Since the talk of suburban development has begun, Unger has found her job somewhat easier. Clearville has not had to deal with the issue of zoning, she said, but the Maryland portion of the watershed is already zoned for residential and commercial development.



If the Sideling Hill Watershed is to be maintained as a functioning community, timber sales will have to remain an important part of the economy.



The conservancy has created a relationship with the Sustainable Forestry Partnership at Penn State University to provide local woodlot owners with the technical advice they will need to harvest their timber stands and maintain them ecologically.



The watershed is divided into 2,000 small to medium private woodlot holdings.



The Sustainable Forestry Partnership is a consortium of four university forestry programs that concentrates on sustainable forestry education, training, and research.



According to Michael Washington, former associate director for the partnership at Penn State and now national coordinator, there is a lot a trained forester can do to assist landowners in managing and maintaining the value of their holdings.



While some loggers will come through and take out the most valuable trees, Washburn said, a forester considers a whole range of scientific approaches available to manage forest resources.



For instance, he said, the trees in Sideling Hill Creek area are all 70 to 80 years old, and yet when you walk through the forest, there is range of large and small trees.



“The big trees are rarely older,” he said, “it’s just that they grow better.”



A logger, he said, might come through and cut the big trees and tell the landowner that the small ones would now have room to grow — to become big trees.



But that won’t happen, Washburn said, and the woodlot would have lost much of its commercial value.



“It might have been better to cut out the slow growth trees in the first place, so that when you did cut in 15 years you would have a more valuable crop, and you would have made room for the more valuable trees to regenerate themselves.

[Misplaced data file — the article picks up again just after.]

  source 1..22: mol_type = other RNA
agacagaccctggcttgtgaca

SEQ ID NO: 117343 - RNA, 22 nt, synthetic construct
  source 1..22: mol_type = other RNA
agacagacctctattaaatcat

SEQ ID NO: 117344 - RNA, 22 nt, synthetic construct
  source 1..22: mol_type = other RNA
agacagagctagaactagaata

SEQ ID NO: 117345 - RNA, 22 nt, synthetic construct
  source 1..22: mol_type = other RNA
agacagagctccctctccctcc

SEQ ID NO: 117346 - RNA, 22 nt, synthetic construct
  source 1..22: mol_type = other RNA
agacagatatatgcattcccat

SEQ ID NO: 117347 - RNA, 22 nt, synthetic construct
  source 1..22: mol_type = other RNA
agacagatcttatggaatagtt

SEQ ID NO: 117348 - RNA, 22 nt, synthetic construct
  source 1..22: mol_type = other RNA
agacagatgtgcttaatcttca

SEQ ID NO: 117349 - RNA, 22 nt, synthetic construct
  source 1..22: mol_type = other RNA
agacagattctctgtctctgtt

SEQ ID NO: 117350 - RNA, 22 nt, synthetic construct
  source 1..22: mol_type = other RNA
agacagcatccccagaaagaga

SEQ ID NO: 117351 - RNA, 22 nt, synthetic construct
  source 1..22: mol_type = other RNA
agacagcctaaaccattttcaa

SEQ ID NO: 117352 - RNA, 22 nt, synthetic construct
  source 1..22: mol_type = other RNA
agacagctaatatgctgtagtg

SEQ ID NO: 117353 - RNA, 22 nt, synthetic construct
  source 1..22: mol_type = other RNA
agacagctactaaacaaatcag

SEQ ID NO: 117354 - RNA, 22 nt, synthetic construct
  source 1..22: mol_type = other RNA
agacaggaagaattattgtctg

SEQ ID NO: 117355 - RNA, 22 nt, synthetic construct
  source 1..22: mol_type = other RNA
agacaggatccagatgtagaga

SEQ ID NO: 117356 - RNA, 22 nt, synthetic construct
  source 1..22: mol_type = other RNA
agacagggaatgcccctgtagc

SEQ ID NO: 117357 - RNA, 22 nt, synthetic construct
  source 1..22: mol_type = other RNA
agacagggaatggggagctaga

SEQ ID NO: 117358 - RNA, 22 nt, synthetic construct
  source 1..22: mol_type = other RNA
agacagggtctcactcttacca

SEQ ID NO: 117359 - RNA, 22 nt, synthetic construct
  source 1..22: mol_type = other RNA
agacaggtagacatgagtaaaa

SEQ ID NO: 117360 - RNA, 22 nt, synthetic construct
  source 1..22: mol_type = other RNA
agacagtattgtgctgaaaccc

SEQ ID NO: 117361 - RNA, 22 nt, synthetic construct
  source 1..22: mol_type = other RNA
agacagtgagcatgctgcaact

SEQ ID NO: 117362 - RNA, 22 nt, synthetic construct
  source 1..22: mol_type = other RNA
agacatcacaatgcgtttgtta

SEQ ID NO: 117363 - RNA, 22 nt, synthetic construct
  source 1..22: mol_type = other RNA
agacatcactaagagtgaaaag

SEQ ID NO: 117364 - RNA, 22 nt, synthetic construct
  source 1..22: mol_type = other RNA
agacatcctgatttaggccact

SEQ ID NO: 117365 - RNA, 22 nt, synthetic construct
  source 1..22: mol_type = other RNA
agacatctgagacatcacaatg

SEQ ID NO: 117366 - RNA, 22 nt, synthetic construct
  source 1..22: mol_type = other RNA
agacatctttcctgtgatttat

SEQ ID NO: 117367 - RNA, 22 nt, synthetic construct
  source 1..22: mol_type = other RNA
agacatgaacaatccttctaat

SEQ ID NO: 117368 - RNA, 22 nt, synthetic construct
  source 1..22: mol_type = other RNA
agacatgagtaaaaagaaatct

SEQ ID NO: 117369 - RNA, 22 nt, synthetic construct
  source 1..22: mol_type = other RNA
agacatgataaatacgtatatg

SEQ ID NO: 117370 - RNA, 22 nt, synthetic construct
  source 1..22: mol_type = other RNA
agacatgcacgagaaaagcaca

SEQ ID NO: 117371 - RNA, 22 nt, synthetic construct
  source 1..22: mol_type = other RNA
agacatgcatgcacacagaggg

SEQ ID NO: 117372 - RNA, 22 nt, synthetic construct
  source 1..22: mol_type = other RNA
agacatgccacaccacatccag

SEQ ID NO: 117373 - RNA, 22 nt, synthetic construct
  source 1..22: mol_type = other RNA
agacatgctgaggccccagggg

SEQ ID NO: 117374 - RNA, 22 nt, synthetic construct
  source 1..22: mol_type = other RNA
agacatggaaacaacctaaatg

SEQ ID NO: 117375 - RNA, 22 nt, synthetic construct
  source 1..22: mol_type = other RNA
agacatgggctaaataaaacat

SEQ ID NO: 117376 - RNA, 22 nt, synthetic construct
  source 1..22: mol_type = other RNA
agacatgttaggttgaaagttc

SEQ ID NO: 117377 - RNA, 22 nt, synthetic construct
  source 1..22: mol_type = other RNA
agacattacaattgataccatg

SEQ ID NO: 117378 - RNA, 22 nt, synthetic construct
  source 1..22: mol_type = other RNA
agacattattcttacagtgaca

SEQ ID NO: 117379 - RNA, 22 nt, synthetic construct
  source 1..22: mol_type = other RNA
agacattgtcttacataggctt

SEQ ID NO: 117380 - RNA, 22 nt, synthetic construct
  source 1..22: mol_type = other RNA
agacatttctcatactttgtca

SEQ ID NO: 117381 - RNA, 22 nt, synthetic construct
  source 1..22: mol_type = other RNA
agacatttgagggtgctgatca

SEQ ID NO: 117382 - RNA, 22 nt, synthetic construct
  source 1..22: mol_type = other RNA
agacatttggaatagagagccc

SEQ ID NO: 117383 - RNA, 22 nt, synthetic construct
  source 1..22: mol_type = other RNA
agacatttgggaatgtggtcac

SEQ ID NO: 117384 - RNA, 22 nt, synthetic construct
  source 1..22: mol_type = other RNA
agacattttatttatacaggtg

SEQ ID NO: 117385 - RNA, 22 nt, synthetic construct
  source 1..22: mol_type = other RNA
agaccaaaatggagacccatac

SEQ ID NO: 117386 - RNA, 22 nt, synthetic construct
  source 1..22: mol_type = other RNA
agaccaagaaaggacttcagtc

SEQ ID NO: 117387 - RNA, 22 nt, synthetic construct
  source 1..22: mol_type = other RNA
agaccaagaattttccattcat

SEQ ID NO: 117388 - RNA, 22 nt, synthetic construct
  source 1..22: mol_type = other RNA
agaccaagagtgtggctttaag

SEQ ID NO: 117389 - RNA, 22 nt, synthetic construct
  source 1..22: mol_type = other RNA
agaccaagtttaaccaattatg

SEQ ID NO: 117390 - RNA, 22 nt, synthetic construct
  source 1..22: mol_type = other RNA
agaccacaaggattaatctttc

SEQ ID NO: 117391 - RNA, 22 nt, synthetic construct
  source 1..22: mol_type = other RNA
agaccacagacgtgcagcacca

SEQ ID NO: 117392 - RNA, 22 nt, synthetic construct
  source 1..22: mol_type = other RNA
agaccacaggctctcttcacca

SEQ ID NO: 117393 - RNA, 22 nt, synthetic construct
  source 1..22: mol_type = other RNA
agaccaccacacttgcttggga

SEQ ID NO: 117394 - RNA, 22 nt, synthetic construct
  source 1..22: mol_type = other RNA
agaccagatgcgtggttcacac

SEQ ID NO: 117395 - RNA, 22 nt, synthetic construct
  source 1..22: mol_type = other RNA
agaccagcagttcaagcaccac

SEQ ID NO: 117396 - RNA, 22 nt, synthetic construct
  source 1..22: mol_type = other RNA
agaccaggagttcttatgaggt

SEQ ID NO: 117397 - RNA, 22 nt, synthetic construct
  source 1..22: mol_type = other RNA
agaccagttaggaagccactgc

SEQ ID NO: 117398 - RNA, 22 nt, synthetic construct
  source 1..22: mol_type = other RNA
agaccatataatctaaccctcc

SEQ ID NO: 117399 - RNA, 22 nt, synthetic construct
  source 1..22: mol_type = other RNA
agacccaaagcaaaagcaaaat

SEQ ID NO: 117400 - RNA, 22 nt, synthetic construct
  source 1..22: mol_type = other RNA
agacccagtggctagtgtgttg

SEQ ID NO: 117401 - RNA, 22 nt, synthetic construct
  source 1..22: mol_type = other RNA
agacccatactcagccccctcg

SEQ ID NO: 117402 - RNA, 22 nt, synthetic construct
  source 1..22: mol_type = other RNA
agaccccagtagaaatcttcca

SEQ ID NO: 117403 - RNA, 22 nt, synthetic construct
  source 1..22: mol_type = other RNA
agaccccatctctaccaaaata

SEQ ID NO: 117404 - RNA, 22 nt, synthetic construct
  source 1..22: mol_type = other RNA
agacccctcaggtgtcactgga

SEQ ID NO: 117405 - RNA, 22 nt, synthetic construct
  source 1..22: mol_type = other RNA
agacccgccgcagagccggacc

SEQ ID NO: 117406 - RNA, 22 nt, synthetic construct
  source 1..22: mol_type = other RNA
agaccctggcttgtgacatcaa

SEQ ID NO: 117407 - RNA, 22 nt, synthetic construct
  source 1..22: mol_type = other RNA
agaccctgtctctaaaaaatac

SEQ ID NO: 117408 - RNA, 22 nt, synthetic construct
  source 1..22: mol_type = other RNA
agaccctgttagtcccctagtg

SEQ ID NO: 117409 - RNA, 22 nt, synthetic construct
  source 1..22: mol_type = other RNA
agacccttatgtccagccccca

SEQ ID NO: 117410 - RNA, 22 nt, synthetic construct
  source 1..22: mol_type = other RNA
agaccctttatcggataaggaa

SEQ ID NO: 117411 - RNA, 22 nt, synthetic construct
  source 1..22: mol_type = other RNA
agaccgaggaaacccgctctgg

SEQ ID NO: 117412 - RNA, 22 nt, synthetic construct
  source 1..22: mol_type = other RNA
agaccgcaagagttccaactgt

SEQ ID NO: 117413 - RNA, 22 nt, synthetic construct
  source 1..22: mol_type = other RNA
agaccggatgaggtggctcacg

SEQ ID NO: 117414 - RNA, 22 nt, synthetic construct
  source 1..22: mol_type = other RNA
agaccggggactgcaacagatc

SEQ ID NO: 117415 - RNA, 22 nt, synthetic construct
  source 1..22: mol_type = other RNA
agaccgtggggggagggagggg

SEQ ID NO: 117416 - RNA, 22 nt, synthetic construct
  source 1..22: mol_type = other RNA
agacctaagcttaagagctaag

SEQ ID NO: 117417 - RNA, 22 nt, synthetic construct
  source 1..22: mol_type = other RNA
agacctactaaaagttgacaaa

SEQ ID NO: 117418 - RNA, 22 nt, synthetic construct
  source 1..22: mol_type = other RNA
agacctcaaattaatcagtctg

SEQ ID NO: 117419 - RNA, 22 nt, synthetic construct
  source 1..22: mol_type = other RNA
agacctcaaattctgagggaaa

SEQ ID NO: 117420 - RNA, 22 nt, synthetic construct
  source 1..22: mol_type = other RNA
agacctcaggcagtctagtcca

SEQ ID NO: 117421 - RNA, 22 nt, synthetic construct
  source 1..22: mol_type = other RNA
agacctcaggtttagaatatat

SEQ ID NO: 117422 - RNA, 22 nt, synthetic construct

“Unfortunately, many of these landowners make deals with loggers, and day after day they get ripped off.



“In a few years, the oaks and maples aren’t going to be there, and the economic base is ripped out from under the community.”



At the same time, the conservancy project is working to develop a marketing cooperative from contiguous landholdings that will allow landowners to achieve some of the economies of scale while they are practicing responsible management, Unger said.



Eventually, the conservancy hopes to acquire forest easements along the stream that it would hold in perpetuity, she said.



“Then we could have an impact on how the lands are managed in a permanent way,” she said.



Washburn said the Sustainable Forest Partnership has applied for an Environmental Protection Agency grant to use the Sideling Hills Creek project as a model project for a community-based approach to protecting forest lands.And a Penn State University graduate student Seth Cassell is already working on a book that will tell the project’s story.



The book, Unger said, will be a forest history going back 500 years that will “create a sense of place and history.”



And it will document, she said, that “the actions we take today will have an effect on tomorrow’s history.”